It's not that I don't play other systems. I was just lucky enough to find others with my interest in role playing pre-unification Feudal Japan who remained physically located close enough and involved enough to keep a campaign going for more than 25 years. Once you find something that satisfies your itch, why keep looking?

Slipstream
07-15-2010, 11:41 AM
I may have to dig for Bushido at my FLGS next time I'm in. That looks cool.

This is semi-off topic, unless you want something else to find inspiration for a samurai-themed campaign set in one town, I may have something fresh to check out. I found a 12 episode anime called House of Five Leaves (http://www.hulu.com/house-of-five-leaves) (don't leave or roll your eyes just yet!). This show is actually a heavy drama built off deep characterization that breaks the usual stereotypes. The action is very light, but when it's there, it's realistic and fast. There's no drawn out sparring matches. It's over as soon as soon as the katana leave their sheathes. The story mainly focuses on a samurai for hire who joins a band of kidnappers for profit. The art style is also very different and not flashy at all, even off-putting at first. People have complained about the characters' mouths. You'll get over it quick as you're drawn into the story. Now granted, I would not want feel comfortable roleplaying a kidnapper, but if it was a group of faceless thieves ala Merry Men, that are both hated and praised within the village, it could be interesting roleplay.

And Izen, thank you for posting that. Sounds like an incredible setup!

tesral
07-15-2010, 01:39 PM
I may have to dig for Bushido at my FLGS next time I'm in. That looks cool.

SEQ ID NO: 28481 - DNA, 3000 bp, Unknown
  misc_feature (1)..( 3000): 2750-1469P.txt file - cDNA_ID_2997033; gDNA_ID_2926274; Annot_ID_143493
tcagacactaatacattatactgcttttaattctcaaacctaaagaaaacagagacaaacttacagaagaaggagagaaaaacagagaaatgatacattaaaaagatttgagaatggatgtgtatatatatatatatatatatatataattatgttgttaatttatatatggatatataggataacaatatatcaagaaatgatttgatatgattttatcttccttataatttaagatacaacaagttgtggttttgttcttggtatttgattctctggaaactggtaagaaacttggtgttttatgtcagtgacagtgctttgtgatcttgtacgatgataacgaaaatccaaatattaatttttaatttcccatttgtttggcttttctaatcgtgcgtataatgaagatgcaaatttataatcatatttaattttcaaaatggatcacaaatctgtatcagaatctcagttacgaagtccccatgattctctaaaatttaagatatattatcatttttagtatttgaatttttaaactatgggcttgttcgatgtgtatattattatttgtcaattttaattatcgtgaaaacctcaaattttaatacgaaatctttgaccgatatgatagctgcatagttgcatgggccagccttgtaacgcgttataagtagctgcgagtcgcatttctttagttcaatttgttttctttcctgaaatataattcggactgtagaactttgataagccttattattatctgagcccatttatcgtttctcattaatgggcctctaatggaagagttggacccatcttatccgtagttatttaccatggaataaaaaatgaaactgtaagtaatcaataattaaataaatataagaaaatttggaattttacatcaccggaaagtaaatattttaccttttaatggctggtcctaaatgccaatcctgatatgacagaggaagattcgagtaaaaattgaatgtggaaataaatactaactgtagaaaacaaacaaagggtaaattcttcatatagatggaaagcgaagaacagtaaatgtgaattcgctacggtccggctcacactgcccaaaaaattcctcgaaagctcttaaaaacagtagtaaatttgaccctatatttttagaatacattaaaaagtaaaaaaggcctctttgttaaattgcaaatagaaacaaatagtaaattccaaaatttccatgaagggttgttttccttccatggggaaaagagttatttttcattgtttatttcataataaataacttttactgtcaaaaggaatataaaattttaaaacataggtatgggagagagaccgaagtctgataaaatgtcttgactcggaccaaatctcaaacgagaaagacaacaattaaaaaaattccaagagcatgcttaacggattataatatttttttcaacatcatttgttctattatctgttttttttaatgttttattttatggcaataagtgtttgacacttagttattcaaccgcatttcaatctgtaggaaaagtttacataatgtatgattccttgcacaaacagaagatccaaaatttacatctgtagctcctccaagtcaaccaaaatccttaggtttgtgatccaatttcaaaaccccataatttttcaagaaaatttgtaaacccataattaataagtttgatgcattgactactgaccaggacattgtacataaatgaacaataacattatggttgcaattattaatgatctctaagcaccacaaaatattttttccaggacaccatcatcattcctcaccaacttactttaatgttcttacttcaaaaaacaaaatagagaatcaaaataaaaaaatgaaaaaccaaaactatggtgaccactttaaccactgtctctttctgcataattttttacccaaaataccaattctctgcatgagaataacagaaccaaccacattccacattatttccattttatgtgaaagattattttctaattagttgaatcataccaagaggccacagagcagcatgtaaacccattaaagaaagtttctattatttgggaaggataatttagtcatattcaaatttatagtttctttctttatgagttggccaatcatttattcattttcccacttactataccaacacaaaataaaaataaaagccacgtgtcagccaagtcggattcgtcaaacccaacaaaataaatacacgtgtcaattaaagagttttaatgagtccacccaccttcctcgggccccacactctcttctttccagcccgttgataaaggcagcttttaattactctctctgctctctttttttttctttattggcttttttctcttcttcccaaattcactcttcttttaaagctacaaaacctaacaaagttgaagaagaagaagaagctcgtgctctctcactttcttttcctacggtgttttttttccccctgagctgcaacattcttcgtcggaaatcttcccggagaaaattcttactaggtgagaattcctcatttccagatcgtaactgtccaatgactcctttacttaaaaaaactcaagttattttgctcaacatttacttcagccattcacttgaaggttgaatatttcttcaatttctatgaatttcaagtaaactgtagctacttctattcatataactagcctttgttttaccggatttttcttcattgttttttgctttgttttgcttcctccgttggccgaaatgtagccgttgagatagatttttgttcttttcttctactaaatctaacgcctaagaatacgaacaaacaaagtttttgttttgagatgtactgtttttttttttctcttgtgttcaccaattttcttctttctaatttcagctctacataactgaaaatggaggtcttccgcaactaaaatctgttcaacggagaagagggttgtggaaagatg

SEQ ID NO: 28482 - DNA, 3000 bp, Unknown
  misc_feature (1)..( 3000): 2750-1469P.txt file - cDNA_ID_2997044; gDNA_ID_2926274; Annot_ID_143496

Is it still in print? It's one of the game i regret not buying.

Slipstream
07-15-2010, 06:36 PM
Is it still in print? It's one of the game i regret not buying.
I'm not expecting to find it easily. My FLGS carries really old used stuff. You never know what you'll find in there.

Izen
07-16-2010, 06:21 PM
Is it still in print? It's one of the game i regret not buying.

FGU republished the 3rd edition a few years ago with both original books in a single "perfect bound" volume with the full color "horse archer" cover. My GM buys copies of both versions of it off e-bay from time to time so he has them for new players, so I recommend you start there.

http://www.waynesbooks.com/bushido.html indicates it can be purchased through Amazon.com, but I did not find any copies when I cursorily searched on keyword "bushido" just now.

Anyone interested in other background reference material specifically on the 277 Daimyo of the Tokugawa Shogunate period should look into "A Gamers Guide to Feudal Japan: Daimyo of 1867" by Tadashi Ehara. Published by Different Worlds in April 2010, it's available as a magazine sized "perfect bound" softcover of 336 pages at http://www.diffworlds.com/.

Just got my copy today and it's more than a list of the Daimyo and their han (fiefs/provinces), mon (crests), revenue, class of relationship to the Tokugawa clan, headquarters, descendants and illustrious ancestors. It also includes chapters on Geology, History, Chronology, Major Roads, Population, Religions, Monetary System, Daimyo History, Government, The Daimyo of 1867 by Han with pictures of many of the castles and some floorplans, and a "Gamers Guide" section with Campaign Scenarios, Gaming Notes, a Daimyo Name Generator, a listing of Samurai-themed games of all types, Glossary, Bibliography, and Indices. It's a nice piece of work, pulling together material from a lot of different respected sources and framing it for a gaming perspective. If the author's name seems familiar, he used to be a publisher at Chaosium, Inc, and editor of "Different Worlds" magazine.

Even though the material is from almost 500 years after the period of my campaign, material such as this prior to the Tokugawa Shogunate is very scarce and hard to find. (Much of the old official records outside of those kept by families were "recycled" during WWII.) We expect to adopt much of the information as our "upper limit baseline". The detailed information on the roads alone is worth a lot to us, while the clan affiliations of the different hans are worth the $60 price tag by themselves. Talk about fuel for political plots and maneuverings! And handed to you in one reference manual? GM paradise.